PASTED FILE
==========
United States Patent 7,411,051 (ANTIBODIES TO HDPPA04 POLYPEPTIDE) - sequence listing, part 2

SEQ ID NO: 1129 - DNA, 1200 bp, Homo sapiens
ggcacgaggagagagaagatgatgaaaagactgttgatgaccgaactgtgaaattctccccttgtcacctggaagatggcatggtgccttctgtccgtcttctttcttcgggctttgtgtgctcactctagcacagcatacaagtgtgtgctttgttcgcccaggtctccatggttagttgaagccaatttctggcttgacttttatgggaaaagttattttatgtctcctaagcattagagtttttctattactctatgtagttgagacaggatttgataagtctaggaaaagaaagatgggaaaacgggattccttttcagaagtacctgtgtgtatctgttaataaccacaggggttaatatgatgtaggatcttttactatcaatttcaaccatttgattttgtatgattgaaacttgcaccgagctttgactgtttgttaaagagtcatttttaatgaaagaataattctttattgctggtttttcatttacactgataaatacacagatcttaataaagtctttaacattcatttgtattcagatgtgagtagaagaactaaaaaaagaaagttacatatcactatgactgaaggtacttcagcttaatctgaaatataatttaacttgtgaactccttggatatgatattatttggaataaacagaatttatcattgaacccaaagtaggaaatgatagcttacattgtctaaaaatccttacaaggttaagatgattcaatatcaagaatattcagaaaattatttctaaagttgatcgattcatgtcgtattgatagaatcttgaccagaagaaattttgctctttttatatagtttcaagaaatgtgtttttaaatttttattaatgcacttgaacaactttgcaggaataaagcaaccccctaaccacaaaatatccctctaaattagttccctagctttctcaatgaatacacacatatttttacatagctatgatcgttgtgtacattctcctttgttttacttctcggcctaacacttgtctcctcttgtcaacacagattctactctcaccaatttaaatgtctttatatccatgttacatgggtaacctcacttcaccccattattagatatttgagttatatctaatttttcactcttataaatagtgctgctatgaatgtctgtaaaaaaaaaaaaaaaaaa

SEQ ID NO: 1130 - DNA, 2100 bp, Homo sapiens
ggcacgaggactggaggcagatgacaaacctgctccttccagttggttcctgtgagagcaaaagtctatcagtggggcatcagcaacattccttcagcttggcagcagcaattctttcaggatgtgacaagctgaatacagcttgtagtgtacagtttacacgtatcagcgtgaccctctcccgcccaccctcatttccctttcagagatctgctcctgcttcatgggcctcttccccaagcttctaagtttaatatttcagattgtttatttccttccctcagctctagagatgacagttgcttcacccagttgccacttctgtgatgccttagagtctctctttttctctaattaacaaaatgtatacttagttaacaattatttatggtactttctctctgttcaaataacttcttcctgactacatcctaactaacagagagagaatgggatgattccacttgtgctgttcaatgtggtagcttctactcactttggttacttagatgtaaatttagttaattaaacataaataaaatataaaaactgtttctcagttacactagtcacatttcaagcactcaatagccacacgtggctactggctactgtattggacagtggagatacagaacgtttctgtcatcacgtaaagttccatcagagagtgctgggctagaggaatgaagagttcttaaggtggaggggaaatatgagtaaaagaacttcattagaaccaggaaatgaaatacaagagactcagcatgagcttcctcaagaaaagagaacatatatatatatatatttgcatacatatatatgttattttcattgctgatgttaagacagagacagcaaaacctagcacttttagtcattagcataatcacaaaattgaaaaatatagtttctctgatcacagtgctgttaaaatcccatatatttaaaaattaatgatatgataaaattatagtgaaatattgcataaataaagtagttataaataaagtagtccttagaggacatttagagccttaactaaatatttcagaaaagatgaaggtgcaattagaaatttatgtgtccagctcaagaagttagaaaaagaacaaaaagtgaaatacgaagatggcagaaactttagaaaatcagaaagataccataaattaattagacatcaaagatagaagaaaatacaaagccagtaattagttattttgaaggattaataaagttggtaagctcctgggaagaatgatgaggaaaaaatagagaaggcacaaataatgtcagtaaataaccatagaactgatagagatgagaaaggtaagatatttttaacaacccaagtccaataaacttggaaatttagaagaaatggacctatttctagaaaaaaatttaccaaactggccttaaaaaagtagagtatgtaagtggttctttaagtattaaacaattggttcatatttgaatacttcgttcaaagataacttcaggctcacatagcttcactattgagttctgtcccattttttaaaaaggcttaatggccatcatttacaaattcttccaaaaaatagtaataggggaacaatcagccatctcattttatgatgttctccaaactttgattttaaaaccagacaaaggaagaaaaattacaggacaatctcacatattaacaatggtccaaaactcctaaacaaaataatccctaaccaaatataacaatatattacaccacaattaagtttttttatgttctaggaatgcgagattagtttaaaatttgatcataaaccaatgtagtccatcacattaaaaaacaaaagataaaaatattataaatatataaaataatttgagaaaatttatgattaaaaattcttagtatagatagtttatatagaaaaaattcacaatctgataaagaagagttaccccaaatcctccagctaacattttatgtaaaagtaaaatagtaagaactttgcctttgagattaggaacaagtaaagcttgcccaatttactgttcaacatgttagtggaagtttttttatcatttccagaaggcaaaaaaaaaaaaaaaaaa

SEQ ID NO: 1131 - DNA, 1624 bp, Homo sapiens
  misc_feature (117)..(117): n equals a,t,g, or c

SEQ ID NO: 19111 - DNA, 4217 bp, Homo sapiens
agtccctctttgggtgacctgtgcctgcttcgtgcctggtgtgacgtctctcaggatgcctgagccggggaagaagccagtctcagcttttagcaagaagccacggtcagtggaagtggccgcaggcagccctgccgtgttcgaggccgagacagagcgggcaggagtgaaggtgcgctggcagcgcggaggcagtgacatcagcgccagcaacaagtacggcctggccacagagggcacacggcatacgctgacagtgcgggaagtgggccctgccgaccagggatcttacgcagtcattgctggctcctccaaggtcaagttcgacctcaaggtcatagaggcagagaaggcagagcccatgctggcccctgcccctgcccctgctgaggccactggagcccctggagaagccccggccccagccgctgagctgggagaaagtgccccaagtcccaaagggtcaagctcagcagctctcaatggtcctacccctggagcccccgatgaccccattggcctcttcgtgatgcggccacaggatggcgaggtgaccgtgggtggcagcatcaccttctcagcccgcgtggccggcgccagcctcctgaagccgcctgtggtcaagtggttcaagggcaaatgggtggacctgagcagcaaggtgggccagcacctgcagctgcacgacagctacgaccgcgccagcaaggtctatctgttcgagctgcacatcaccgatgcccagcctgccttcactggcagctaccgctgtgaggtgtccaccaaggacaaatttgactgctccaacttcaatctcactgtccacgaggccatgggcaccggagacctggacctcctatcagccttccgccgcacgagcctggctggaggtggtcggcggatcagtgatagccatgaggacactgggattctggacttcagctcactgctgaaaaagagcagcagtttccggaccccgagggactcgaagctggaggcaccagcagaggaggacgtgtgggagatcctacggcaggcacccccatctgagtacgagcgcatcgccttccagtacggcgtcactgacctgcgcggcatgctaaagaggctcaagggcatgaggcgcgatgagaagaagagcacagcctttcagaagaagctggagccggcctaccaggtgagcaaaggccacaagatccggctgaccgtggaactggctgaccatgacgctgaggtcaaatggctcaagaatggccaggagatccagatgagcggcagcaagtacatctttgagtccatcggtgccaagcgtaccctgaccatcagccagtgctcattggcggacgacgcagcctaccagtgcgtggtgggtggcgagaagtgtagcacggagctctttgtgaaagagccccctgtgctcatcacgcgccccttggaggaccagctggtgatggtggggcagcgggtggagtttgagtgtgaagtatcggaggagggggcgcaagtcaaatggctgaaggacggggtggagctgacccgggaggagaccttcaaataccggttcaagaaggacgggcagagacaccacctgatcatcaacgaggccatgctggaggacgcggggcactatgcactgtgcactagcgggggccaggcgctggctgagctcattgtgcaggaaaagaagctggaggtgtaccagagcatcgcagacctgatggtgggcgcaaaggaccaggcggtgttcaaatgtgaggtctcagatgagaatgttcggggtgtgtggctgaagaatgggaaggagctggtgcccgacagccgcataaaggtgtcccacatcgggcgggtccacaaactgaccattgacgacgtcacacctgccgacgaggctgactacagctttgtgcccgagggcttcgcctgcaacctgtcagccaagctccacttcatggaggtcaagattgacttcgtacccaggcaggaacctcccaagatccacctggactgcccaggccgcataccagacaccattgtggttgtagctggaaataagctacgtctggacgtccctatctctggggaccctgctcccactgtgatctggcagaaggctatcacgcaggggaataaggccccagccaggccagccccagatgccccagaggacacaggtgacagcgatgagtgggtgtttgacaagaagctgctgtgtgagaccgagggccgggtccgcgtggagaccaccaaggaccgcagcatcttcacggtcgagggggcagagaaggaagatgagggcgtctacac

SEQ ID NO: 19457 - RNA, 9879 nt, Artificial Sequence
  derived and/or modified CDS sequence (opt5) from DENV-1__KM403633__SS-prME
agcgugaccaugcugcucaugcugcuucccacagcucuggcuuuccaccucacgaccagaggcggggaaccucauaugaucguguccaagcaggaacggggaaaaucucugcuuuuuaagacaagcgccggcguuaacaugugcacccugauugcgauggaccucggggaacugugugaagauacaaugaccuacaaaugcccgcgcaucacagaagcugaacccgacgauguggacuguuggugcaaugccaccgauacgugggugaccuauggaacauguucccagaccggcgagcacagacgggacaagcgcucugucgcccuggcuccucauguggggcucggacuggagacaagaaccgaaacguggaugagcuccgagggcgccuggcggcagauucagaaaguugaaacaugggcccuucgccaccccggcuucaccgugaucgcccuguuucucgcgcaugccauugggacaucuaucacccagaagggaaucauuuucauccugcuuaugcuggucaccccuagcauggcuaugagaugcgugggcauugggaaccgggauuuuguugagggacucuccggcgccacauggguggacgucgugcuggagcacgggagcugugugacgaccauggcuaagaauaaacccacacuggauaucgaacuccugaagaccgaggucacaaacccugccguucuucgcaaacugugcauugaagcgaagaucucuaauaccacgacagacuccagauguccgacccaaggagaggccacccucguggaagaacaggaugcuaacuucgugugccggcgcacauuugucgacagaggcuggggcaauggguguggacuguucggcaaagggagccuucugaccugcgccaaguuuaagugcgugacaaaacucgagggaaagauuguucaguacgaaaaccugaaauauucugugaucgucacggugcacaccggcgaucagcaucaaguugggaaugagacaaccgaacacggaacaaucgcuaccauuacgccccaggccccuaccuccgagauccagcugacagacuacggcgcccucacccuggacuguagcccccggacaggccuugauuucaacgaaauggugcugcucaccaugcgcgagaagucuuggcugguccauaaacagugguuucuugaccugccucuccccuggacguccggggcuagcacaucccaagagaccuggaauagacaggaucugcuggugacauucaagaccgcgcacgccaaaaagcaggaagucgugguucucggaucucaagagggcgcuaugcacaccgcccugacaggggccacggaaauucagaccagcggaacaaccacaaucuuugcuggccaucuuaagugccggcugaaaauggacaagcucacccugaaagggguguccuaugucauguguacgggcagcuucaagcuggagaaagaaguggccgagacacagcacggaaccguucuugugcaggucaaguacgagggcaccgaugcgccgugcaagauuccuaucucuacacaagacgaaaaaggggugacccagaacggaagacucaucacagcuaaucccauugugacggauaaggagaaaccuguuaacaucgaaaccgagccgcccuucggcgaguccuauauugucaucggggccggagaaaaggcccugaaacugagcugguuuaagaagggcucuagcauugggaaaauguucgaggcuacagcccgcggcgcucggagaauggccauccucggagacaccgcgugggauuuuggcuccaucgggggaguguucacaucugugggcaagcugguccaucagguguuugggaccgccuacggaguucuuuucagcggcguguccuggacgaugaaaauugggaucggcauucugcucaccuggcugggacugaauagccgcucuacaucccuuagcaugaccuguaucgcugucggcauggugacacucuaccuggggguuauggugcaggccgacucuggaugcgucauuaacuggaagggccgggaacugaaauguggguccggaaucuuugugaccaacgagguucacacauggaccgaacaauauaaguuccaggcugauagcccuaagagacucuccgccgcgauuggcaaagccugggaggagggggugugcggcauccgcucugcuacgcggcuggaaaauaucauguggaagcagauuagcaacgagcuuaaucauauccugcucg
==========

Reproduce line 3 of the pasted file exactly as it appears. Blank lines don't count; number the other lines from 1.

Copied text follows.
ggcacgaggagagagaagatgatgaaaagactgttgatgaccgaactgtgaaattctccccttgtcacctggaagatggcatggtgccttctgtccgtcttctttcttcgggctttgtgtgctcactctagcacagcatacaagtgtgtgctttgttcgcccaggtctccatggttagttgaagccaatttctggcttgacttttatgggaaaagttattttatgtctcctaagcattagagtttttctattactctatgtagttgagacaggatttgataagtctaggaaaagaaagatgggaaaacgggattccttttcagaagtacctgtgtgtatctgttaataaccacaggggttaatatgatgtaggatcttttactatcaatttcaaccatttgattttgtatgattgaaacttgcaccgagctttgactgtttgttaaagagtcatttttaatgaaagaataattctttattgctggtttttcatttacactgataaatacacagatcttaataaagtctttaacattcatttgtattcagatgtgagtagaagaactaaaaaaagaaagttacatatcactatgactgaaggtacttcagcttaatctgaaatataatttaacttgtgaactccttggatatgatattatttggaataaacagaatttatcattgaacccaaagtaggaaatgatagcttacattgtctaaaaatccttacaaggttaagatgattcaatatcaagaatattcagaaaattatttctaaagttgatcgattcatgtcgtattgatagaatcttgaccagaagaaattttgctctttttatatagtttcaagaaatgtgtttttaaatttttattaatgcacttgaacaactttgcaggaataaagcaaccccctaaccacaaaatatccctctaaattagttccctagctttctcaatgaatacacacatatttttacatagctatgatcgttgtgtacattctcctttgttttacttctcggcctaacacttgtctcctcttgtcaacacagattctactctcaccaatttaaatgtctttatatccatgttacatgggtaacctcacttcaccccattattagatatttgagttatatctaatttttcactcttataaatagtgctgctatgaatgtctgtaaaaaaaaaaaaaaaaaa